Sunday, May 26, 2019
Banjo Patterson Essay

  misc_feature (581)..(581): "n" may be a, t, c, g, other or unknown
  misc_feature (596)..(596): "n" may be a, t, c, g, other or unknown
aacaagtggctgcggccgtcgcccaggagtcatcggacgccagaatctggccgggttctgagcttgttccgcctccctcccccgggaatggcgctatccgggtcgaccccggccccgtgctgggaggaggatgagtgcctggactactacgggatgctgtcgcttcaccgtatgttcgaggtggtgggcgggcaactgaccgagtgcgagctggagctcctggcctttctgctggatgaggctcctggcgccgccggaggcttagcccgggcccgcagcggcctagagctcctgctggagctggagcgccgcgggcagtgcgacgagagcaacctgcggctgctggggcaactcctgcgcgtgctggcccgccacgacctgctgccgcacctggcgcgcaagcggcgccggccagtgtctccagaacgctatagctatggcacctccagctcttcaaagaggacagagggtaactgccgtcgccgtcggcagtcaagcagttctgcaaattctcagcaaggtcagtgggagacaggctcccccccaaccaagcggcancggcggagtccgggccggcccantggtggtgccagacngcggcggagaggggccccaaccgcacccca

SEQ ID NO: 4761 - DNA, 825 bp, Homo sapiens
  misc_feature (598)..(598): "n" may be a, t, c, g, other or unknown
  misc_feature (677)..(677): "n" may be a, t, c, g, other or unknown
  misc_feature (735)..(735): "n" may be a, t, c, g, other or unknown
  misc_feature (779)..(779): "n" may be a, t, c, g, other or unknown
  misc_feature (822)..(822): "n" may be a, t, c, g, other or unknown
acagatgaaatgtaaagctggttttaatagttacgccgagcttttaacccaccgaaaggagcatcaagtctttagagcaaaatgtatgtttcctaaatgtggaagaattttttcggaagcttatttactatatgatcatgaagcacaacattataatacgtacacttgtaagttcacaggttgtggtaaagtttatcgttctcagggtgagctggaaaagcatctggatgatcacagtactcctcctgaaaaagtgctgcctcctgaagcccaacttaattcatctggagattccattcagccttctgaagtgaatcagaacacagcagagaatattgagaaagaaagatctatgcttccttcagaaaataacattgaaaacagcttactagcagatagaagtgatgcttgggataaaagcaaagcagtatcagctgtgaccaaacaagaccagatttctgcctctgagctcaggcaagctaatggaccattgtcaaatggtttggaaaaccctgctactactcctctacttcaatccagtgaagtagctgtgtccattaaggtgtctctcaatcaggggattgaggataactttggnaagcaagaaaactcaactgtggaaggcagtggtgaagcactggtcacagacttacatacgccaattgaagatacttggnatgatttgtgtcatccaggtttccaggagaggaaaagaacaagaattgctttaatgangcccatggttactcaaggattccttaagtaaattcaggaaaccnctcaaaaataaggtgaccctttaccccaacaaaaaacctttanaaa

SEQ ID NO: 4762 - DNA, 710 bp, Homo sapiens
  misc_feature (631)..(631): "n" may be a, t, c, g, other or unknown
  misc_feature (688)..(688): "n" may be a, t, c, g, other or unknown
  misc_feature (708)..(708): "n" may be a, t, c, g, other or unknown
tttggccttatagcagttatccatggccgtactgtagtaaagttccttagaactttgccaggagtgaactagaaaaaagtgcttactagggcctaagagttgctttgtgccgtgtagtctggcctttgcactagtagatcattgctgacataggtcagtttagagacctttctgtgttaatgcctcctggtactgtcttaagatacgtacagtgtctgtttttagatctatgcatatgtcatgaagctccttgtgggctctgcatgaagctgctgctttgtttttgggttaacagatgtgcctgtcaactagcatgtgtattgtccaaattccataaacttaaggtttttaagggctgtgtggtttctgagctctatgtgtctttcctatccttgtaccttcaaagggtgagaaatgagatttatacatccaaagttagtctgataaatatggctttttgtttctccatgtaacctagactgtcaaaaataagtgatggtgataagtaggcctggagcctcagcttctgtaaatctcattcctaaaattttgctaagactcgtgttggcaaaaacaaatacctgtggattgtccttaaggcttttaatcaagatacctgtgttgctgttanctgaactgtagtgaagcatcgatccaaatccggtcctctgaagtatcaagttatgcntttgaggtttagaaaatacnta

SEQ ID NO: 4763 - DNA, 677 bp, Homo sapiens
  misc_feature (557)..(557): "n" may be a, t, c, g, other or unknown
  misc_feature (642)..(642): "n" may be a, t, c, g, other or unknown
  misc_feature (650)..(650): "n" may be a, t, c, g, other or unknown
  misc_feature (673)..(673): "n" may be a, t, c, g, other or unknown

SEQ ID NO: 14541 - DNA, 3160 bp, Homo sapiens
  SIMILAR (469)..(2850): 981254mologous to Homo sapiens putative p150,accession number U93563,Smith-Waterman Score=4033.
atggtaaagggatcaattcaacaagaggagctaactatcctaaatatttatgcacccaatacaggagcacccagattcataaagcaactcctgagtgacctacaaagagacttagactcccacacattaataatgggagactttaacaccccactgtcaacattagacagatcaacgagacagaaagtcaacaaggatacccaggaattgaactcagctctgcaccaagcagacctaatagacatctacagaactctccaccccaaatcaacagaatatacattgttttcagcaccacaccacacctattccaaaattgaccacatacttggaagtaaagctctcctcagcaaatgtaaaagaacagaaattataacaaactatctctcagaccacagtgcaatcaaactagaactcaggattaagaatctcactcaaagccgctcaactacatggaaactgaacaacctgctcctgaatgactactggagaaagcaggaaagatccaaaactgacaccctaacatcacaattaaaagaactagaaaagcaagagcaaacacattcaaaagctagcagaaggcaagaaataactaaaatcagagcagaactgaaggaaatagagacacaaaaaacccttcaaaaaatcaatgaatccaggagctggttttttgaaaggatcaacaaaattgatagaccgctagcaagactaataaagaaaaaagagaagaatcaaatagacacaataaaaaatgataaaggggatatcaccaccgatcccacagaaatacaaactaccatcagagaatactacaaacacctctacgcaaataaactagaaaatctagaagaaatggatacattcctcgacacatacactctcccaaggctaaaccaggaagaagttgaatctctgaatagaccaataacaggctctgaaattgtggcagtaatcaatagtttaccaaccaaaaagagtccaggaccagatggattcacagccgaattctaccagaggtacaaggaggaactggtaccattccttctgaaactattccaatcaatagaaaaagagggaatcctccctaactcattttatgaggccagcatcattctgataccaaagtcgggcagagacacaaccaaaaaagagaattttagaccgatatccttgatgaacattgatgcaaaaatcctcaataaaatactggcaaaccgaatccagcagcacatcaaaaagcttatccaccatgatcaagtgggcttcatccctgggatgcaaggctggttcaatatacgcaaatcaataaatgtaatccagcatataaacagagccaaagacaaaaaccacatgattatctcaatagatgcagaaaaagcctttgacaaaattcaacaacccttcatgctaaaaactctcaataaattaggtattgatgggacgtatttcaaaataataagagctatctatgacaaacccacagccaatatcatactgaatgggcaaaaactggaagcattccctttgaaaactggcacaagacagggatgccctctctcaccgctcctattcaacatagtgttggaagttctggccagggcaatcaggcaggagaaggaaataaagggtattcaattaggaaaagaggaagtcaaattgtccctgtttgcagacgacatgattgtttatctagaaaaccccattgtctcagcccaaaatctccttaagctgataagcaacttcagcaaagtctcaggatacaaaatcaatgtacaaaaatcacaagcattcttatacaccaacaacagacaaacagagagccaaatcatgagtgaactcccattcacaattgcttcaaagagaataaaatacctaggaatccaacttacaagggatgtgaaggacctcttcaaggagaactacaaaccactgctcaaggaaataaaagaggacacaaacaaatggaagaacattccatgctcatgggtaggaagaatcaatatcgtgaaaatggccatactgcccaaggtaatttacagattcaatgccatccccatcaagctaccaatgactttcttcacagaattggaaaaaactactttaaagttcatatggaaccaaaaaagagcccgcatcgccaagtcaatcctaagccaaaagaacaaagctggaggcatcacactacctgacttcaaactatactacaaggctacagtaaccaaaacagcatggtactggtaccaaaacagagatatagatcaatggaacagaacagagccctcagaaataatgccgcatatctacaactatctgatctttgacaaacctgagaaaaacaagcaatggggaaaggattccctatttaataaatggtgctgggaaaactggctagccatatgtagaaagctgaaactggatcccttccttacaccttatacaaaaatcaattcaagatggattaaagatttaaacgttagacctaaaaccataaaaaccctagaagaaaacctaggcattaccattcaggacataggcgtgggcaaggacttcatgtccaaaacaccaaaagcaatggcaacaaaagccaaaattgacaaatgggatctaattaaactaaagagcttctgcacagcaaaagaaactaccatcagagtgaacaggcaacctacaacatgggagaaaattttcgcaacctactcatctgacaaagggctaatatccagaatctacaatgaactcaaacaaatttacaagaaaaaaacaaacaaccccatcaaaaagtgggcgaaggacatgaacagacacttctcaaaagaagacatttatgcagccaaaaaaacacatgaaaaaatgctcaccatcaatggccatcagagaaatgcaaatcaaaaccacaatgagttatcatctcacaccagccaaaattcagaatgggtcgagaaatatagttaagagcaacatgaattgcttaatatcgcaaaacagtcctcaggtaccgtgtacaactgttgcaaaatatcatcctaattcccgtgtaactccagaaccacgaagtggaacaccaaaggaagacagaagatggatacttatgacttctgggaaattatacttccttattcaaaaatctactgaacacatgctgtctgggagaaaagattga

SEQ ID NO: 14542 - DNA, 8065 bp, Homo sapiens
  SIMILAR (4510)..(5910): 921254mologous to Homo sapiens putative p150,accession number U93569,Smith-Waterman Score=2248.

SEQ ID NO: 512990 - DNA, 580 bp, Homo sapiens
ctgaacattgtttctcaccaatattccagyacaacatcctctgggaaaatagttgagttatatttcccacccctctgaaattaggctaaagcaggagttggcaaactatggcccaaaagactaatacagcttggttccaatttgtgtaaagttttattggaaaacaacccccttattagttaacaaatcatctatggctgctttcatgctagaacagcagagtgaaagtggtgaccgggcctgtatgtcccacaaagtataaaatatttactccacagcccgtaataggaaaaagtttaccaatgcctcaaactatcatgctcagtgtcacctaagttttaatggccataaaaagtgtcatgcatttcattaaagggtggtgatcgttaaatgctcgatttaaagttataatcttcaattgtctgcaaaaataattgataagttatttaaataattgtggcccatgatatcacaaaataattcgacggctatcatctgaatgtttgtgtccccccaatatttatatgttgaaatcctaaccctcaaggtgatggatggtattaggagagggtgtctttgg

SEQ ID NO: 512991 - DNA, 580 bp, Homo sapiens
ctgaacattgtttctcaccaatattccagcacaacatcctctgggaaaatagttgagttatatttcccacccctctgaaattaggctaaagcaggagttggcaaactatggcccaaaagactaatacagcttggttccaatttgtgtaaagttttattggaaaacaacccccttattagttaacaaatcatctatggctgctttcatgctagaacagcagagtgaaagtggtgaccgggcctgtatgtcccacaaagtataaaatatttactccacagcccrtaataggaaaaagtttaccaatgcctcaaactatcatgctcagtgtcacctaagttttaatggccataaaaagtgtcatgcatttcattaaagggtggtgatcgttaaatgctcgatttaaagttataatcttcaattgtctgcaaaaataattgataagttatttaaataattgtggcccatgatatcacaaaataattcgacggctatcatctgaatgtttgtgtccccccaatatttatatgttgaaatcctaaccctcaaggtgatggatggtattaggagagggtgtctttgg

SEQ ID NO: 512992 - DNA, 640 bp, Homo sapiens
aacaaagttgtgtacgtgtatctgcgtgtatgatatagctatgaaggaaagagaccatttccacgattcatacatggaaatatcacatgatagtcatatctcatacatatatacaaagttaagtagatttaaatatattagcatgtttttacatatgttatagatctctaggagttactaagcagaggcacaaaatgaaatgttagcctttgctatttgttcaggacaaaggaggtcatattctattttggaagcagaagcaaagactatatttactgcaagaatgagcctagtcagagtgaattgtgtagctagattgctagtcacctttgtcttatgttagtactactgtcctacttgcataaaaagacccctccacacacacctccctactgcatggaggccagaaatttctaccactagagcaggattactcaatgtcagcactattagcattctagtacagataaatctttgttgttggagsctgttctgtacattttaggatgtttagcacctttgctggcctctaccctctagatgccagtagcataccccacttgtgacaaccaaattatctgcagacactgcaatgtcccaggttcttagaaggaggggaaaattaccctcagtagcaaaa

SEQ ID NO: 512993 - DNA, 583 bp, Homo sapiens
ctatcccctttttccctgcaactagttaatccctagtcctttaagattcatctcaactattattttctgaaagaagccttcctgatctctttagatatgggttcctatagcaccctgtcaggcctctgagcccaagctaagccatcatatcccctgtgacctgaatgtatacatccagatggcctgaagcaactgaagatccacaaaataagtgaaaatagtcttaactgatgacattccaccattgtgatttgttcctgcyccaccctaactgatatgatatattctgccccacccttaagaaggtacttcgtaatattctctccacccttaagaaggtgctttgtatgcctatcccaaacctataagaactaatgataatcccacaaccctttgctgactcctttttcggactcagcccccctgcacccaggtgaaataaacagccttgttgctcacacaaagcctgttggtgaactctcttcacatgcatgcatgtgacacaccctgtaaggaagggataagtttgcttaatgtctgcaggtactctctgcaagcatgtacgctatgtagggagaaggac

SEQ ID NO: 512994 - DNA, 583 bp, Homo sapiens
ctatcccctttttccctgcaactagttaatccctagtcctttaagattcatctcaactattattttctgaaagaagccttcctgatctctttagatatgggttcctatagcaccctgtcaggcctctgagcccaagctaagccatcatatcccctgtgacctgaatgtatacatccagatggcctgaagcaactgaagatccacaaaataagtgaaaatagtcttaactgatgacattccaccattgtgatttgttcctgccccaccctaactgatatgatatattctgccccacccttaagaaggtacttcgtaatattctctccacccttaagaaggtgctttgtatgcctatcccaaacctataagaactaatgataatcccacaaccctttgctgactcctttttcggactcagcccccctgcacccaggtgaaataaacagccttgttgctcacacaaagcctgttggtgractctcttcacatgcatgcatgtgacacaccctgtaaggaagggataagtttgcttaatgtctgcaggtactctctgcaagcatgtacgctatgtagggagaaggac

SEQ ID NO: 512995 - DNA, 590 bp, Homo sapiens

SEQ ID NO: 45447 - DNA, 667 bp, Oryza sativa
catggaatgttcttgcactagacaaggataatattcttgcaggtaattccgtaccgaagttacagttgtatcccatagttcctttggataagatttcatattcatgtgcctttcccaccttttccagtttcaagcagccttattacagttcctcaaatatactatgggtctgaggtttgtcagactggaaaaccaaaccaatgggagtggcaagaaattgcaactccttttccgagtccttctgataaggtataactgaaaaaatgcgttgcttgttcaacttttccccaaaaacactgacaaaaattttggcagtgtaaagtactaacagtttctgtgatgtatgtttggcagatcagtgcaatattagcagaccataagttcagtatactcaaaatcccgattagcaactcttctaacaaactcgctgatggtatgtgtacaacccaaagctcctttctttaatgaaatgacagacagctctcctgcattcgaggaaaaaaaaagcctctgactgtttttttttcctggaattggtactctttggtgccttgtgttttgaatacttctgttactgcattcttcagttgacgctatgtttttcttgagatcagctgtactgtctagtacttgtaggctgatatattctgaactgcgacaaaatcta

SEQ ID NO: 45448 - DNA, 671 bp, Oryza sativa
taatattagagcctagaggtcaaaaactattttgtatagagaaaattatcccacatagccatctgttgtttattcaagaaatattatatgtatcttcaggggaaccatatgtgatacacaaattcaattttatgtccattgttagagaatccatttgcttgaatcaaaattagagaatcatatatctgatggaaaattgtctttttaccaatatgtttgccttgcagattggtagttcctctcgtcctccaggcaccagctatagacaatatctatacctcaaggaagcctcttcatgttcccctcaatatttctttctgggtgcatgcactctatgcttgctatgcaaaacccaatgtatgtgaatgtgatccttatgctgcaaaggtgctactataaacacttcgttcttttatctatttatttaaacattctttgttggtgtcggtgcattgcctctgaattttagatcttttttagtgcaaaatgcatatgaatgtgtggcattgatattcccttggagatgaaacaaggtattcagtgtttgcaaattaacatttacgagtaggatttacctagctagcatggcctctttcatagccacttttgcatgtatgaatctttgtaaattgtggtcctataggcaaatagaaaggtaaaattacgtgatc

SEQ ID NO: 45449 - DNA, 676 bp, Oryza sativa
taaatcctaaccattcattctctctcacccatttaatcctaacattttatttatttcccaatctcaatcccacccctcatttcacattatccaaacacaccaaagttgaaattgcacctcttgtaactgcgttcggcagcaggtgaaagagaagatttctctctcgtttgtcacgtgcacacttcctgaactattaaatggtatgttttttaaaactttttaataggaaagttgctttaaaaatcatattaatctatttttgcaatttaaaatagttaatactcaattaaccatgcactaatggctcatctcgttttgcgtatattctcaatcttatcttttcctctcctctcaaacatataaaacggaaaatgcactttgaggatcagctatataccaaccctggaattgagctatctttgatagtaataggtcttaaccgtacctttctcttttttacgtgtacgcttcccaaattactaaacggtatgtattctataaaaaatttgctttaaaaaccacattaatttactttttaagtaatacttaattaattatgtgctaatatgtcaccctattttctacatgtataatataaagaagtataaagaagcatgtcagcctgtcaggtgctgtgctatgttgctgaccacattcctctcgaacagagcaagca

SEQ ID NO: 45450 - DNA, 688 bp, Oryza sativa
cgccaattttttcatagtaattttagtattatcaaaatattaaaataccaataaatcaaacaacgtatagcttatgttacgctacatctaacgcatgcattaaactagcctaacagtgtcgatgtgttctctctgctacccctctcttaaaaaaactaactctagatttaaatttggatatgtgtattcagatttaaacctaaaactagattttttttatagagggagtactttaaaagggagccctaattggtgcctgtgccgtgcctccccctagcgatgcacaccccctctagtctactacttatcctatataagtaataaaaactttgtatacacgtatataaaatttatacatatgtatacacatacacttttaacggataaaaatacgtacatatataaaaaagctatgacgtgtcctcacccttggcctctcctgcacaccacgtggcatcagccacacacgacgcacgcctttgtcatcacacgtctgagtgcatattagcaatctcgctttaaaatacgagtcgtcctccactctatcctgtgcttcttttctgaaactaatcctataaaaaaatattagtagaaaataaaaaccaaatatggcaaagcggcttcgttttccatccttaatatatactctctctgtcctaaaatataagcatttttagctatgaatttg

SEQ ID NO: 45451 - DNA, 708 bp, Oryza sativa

Andrew Barton Banjo Paterson was an Australian bush poet, Journalist and Author. He focused most of his meters on Australian life, in the particular area of rural and outback areas, mainly places like Binalong and New South Wales where he grew up as a child. He was mostly famous from poems including Waltzing Matilda, The Man from Snowy River and Clancy of the Overflow. Banjo was born on the 17th February 1864 in Narrambla, near Orange, New South Whales. Banjos train of education as a child was relatively privileged. At a young age he attended a bush school which was ran by the governess.Then from 1874, he attended Sydney Grammar School, a prestigious school in the heart of Sydney. After finishing school, Paterson became an article clerk at a Sydney legal philosophy firm, and was admitted as a solicitor in 1886. Paterson practiced as a solicitor until the early years of the twentieth century, by which time he had in like manner developed a promising literary career. His earliest p ublished work dates from 1885, when he submitted a poem criticising the British war in the Sudan (in which Australian phalanx were involved) to the Bulletin, a new literary journal with an Australian nationalist focus.Over the next decade the increasingly popular and influential Bulletin provided an important forum for the publication of Patersons verse, which appeared under the pseudonym The Banjo, adopted from the name of one of his favourite horses. By 1895 Banjo had written many poems and such as Clancy of the Overflow, The Geebung Polo orderliness, The Man from Ironbark, How the Favourite Beat Us and Saltbush Bill were so popular with readers that Angus & Robertson, published the collection, The Man From Snowy River, and Other Verses, in October.From which nearly tout ensemble the context from these poems came from Banjos love for the out back in his home town Narrambla. The title-poem had swept the colonies when it was first published in April 1890. The book had a odd rec eption the first edition sold out in the week of publication and 7000 copies in a few months its particular achievement was to establish the bushman in the national consciousness as a romantic and archetypal figure.The book was as much praised in England as in Australia The Times compared Paterson with Rudyard Kipling who himself wrote to congratulate the ublishers. Patersons identity as The Banjo was at last revealed and he became a national celebrity overnight. While on holiday in Queensland late in 1895, Paterson stayed with friends at Dagworth station, near Winton. It was here were he wrote one of his most famous pieces of work in the history of his entire life, Waltzing Matilda This piece is now Australias best cognise folk song. And many say that this was the peak and the start of the decline in banjos career in poetry.He did not stop writing later on this, in fact after this holiday he got offered an amazing career opportunity when he became a journalist for the Sydney Morn ing Herald as a War correspondent. The quality of his reporting attracted the notice of the English press and he was appointed as a correspondent also for the international news agency, Reuters, an esteem which he especially cherished in his later years. Then Back in Sydney in 1902, Paterson published another collection, Rio Grandes Last Race, and Other Verses, and in November decided to abandon his legal practice.Next year he was appointed editor of the Sydney Evening News. Andrew Barton Banjo Paterson died on the 5th of February 1941. On the night of Patersons death, Vance Palmer broadcasted a tribute He laid hold both of our affections and imaginations he made himself a vital part of the country we all know and love, and it would not just have been a poorer country but one far less united in bonds of intimate feeling, if he had never lived and written.